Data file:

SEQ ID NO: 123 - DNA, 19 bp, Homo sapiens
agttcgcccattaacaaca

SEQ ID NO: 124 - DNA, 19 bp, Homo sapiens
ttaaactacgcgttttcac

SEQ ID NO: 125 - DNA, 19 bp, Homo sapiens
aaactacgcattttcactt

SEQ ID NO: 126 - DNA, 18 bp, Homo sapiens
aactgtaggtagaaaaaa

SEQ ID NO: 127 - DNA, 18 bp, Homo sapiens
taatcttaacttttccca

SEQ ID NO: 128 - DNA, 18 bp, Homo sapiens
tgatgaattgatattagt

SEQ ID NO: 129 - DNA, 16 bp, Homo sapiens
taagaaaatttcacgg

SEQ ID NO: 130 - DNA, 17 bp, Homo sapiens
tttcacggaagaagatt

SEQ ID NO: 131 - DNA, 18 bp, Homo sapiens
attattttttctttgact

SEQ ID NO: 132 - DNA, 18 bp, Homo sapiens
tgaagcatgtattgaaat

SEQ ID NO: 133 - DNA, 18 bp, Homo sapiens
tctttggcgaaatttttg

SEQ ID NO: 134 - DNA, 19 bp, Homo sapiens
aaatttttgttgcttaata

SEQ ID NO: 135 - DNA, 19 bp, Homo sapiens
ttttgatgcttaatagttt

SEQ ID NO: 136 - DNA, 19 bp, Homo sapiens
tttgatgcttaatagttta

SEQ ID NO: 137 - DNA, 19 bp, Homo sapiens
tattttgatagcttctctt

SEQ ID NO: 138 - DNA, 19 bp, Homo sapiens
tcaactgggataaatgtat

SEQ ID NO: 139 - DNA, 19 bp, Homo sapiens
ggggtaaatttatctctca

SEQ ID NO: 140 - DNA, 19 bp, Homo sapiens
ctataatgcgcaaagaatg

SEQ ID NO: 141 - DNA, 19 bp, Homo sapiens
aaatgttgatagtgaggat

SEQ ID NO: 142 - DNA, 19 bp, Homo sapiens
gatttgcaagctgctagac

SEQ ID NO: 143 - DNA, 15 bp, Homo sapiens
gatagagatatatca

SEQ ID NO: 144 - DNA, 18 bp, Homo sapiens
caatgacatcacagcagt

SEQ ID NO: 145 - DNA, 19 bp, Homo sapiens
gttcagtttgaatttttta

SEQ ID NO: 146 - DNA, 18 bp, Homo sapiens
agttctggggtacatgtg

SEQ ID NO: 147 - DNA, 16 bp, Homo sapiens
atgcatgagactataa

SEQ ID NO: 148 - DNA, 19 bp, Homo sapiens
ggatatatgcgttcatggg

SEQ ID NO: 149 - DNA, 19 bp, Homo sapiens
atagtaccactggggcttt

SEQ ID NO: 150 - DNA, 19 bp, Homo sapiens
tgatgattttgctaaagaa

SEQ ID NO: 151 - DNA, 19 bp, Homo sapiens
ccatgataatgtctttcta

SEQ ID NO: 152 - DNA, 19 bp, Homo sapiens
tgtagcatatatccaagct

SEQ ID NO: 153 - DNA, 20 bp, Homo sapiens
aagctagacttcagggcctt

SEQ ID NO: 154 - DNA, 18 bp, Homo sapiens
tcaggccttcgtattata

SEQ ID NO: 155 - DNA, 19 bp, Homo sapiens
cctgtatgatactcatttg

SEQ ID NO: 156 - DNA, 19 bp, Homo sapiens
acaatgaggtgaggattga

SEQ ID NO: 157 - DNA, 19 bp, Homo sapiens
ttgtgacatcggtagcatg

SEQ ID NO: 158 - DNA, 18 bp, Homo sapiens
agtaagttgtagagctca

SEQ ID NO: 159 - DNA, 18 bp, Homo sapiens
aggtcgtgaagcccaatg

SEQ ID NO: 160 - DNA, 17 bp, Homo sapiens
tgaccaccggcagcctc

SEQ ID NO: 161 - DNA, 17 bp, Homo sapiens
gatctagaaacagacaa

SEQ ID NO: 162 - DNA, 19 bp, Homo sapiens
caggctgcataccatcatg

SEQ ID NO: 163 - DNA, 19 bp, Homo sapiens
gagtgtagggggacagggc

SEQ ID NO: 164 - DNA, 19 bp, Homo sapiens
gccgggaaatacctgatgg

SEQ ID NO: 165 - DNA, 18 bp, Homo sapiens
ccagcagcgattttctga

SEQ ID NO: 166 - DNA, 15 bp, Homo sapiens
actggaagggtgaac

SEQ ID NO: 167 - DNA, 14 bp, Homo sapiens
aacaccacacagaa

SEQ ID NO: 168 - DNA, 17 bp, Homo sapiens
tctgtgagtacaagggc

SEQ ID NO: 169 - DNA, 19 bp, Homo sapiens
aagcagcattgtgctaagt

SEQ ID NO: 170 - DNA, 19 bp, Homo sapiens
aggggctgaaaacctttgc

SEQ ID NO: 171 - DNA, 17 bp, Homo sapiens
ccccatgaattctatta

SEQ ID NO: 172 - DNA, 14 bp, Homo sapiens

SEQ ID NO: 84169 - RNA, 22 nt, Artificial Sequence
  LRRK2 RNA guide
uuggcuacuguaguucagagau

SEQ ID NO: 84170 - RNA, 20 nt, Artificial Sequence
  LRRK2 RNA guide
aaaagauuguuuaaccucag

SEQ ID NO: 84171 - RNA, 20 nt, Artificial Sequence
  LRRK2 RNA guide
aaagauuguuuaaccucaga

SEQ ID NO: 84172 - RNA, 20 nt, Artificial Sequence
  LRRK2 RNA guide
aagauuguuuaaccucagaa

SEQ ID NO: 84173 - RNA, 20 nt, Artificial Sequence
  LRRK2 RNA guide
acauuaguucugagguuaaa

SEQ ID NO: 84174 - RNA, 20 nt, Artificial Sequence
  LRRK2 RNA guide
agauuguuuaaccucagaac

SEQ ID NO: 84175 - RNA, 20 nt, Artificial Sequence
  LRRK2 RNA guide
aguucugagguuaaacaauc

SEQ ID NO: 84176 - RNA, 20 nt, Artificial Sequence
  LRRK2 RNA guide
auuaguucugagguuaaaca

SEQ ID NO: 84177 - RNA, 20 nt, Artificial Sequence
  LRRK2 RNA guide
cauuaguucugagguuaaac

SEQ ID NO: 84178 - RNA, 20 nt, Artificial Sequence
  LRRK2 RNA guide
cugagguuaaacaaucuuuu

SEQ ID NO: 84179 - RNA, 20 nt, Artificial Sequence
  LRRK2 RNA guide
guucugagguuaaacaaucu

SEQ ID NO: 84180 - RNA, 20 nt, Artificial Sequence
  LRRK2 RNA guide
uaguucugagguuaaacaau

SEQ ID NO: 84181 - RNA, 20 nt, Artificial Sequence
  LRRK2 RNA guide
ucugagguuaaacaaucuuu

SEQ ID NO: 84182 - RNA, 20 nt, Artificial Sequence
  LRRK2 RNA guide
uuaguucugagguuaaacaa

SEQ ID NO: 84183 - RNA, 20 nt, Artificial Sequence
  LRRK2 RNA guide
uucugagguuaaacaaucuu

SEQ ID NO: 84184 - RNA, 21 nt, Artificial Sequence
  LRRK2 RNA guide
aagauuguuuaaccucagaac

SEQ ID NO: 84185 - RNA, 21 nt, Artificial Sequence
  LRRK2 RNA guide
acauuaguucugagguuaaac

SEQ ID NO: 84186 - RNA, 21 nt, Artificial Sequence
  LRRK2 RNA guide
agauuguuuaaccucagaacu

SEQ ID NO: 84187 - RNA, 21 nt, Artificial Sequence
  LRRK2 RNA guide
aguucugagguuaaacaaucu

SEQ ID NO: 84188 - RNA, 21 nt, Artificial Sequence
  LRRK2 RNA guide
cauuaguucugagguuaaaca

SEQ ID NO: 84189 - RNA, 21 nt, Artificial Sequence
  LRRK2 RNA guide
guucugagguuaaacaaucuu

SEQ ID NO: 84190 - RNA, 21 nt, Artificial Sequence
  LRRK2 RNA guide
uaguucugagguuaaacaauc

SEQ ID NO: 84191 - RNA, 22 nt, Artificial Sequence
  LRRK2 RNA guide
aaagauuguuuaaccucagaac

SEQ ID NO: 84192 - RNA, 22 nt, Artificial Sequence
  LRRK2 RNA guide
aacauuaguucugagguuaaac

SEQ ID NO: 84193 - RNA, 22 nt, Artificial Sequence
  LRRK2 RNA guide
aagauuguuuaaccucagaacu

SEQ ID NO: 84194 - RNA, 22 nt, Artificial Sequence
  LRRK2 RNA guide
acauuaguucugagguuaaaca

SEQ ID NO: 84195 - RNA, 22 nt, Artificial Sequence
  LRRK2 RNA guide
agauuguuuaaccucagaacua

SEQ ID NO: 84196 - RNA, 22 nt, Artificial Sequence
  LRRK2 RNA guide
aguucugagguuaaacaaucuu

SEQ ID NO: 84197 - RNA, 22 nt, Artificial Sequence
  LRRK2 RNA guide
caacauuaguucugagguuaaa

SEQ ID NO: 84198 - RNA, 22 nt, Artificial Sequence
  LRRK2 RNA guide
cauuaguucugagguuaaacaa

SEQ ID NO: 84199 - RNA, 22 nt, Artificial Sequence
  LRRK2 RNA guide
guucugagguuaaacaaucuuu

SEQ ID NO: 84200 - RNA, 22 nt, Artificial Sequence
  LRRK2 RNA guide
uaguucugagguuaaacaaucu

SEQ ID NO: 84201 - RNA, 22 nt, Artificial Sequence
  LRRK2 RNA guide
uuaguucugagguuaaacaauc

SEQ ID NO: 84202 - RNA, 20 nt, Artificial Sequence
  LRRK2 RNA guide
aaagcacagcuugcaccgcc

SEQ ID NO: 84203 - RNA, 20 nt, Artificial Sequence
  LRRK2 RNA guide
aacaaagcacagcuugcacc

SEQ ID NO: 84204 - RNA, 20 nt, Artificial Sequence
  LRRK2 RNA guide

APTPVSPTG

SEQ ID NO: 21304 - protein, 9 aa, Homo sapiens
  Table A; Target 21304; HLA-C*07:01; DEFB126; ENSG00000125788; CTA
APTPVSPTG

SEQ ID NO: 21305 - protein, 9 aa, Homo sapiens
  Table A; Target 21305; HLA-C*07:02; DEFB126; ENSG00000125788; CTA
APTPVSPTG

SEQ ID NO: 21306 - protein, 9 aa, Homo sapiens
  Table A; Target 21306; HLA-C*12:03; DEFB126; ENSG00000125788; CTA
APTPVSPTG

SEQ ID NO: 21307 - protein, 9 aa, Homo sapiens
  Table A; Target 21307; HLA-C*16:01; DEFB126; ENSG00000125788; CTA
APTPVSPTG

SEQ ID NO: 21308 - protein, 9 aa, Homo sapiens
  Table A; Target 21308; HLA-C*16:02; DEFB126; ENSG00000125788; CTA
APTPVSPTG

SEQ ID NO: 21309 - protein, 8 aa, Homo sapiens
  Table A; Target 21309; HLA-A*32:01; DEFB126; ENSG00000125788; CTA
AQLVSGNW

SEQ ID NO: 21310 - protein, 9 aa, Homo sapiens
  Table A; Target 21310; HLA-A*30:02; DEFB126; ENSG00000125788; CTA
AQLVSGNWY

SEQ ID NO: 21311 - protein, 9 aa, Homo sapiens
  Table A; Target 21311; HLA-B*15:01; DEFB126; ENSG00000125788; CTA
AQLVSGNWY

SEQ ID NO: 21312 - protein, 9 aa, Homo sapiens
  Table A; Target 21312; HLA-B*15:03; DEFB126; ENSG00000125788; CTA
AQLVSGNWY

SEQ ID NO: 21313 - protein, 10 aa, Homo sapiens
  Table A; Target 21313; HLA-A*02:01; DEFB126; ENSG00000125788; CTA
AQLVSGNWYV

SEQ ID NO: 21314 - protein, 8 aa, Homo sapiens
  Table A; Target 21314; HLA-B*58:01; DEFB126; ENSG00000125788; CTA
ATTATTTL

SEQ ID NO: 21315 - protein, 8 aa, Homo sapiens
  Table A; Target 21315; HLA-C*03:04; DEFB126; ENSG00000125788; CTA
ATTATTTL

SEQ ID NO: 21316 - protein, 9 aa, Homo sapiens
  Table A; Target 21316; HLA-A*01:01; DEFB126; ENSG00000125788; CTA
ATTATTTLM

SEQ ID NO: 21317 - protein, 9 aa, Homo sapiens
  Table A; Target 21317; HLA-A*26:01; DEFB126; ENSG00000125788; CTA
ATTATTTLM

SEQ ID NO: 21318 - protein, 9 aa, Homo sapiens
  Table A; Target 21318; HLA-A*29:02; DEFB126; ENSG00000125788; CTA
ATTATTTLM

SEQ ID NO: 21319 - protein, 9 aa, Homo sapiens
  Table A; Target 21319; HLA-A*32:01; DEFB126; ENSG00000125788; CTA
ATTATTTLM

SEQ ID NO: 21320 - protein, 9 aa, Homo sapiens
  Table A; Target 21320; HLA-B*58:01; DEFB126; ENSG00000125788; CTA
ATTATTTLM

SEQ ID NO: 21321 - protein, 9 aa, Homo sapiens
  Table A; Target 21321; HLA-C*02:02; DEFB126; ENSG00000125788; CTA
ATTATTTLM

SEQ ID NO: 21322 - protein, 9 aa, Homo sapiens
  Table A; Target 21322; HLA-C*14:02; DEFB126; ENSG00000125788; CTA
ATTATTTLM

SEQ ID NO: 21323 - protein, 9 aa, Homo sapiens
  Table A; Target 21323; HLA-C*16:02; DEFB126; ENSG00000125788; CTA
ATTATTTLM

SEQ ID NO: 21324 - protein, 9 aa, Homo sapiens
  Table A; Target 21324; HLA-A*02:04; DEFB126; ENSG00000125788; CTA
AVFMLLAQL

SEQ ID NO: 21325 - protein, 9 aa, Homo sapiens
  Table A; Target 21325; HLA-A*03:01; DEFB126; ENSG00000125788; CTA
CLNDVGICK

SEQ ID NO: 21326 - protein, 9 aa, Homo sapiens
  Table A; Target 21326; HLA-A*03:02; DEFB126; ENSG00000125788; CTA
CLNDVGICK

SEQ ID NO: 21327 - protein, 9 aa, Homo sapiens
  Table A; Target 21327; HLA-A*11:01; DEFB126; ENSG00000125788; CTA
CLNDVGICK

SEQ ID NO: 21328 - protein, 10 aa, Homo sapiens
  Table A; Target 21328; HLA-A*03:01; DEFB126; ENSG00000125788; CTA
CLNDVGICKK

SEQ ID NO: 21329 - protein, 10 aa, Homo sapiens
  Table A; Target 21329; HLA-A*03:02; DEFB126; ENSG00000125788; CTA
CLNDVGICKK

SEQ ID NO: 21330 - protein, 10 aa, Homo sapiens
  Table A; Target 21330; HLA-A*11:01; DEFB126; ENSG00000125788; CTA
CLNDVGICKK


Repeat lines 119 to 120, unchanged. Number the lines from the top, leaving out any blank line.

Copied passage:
  LRRK2 RNA guide
aguucugagguuaaacaauc